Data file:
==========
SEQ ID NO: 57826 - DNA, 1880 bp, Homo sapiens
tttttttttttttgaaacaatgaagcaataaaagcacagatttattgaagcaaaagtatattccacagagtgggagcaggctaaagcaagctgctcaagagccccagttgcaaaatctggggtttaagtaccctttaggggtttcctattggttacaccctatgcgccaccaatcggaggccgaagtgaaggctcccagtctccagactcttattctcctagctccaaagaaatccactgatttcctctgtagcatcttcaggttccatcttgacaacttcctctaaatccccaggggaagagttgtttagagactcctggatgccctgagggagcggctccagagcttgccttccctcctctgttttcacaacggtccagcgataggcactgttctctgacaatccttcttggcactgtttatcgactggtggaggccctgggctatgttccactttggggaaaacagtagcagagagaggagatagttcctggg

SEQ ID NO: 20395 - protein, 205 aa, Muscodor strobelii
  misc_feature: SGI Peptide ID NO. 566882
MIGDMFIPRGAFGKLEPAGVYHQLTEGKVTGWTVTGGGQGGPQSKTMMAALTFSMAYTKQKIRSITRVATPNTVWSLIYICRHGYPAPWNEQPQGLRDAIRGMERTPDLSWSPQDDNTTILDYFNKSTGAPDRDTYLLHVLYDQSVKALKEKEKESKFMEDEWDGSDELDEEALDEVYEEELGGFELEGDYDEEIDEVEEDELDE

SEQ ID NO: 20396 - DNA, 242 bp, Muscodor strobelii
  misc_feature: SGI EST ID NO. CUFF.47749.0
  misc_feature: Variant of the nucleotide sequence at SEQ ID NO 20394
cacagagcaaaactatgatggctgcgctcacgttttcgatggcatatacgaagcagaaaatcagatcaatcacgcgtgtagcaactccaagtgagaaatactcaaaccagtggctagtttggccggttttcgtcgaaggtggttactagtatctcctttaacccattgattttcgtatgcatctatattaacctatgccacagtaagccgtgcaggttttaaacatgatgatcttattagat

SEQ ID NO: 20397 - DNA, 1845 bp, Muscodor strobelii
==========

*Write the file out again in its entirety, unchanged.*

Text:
SEQ ID NO: 57826 - DNA, 1880 bp, Homo sapiens
tttttttttttttgaaacaatgaagcaataaaagcacagatttattgaagcaaaagtatattccacagagtgggagcaggctaaagcaagctgctcaagagccccagttgcaaaatctggggtttaagtaccctttaggggtttcctattggttacaccctatgcgccaccaatcggaggccgaagtgaaggctcccagtctccagactcttattctcctagctccaaagaaatccactgatttcctctgtagcatcttcaggttccatcttgacaacttcctctaaatccccaggggaagagttgtttagagactcctggatgccctgagggagcggctccagagcttgccttccctcctctgttttcacaacggtccagcgataggcactgttctctgacaatccttcttggcactgtttatcgactggtggaggccctgggctatgttccactttggggaaaacagtagcagagagaggagatagttcctggg

SEQ ID NO: 20395 - protein, 205 aa, Muscodor strobelii
  misc_feature: SGI Peptide ID NO. 566882
MIGDMFIPRGAFGKLEPAGVYHQLTEGKVTGWTVTGGGQGGPQSKTMMAALTFSMAYTKQKIRSITRVATPNTVWSLIYICRHGYPAPWNEQPQGLRDAIRGMERTPDLSWSPQDDNTTILDYFNKSTGAPDRDTYLLHVLYDQSVKALKEKEKESKFMEDEWDGSDELDEEALDEVYEEELGGFELEGDYDEEIDEVEEDELDE

SEQ ID NO: 20396 - DNA, 242 bp, Muscodor strobelii
  misc_feature: SGI EST ID NO. CUFF.47749.0
  misc_feature: Variant of the nucleotide sequence at SEQ ID NO 20394
cacagagcaaaactatgatggctgcgctcacgttttcgatggcatatacgaagcagaaaatcagatcaatcacgcgtgtagcaactccaagtgagaaatactcaaaccagtggctagtttggccggttttcgtcgaaggtggttactagtatctcctttaacccattgattttcgtatgcatctatattaacctatgccacagtaagccgtgcaggttttaaacatgatgatcttattagat

SEQ ID NO: 20397 - DNA, 1845 bp, Muscodor strobelii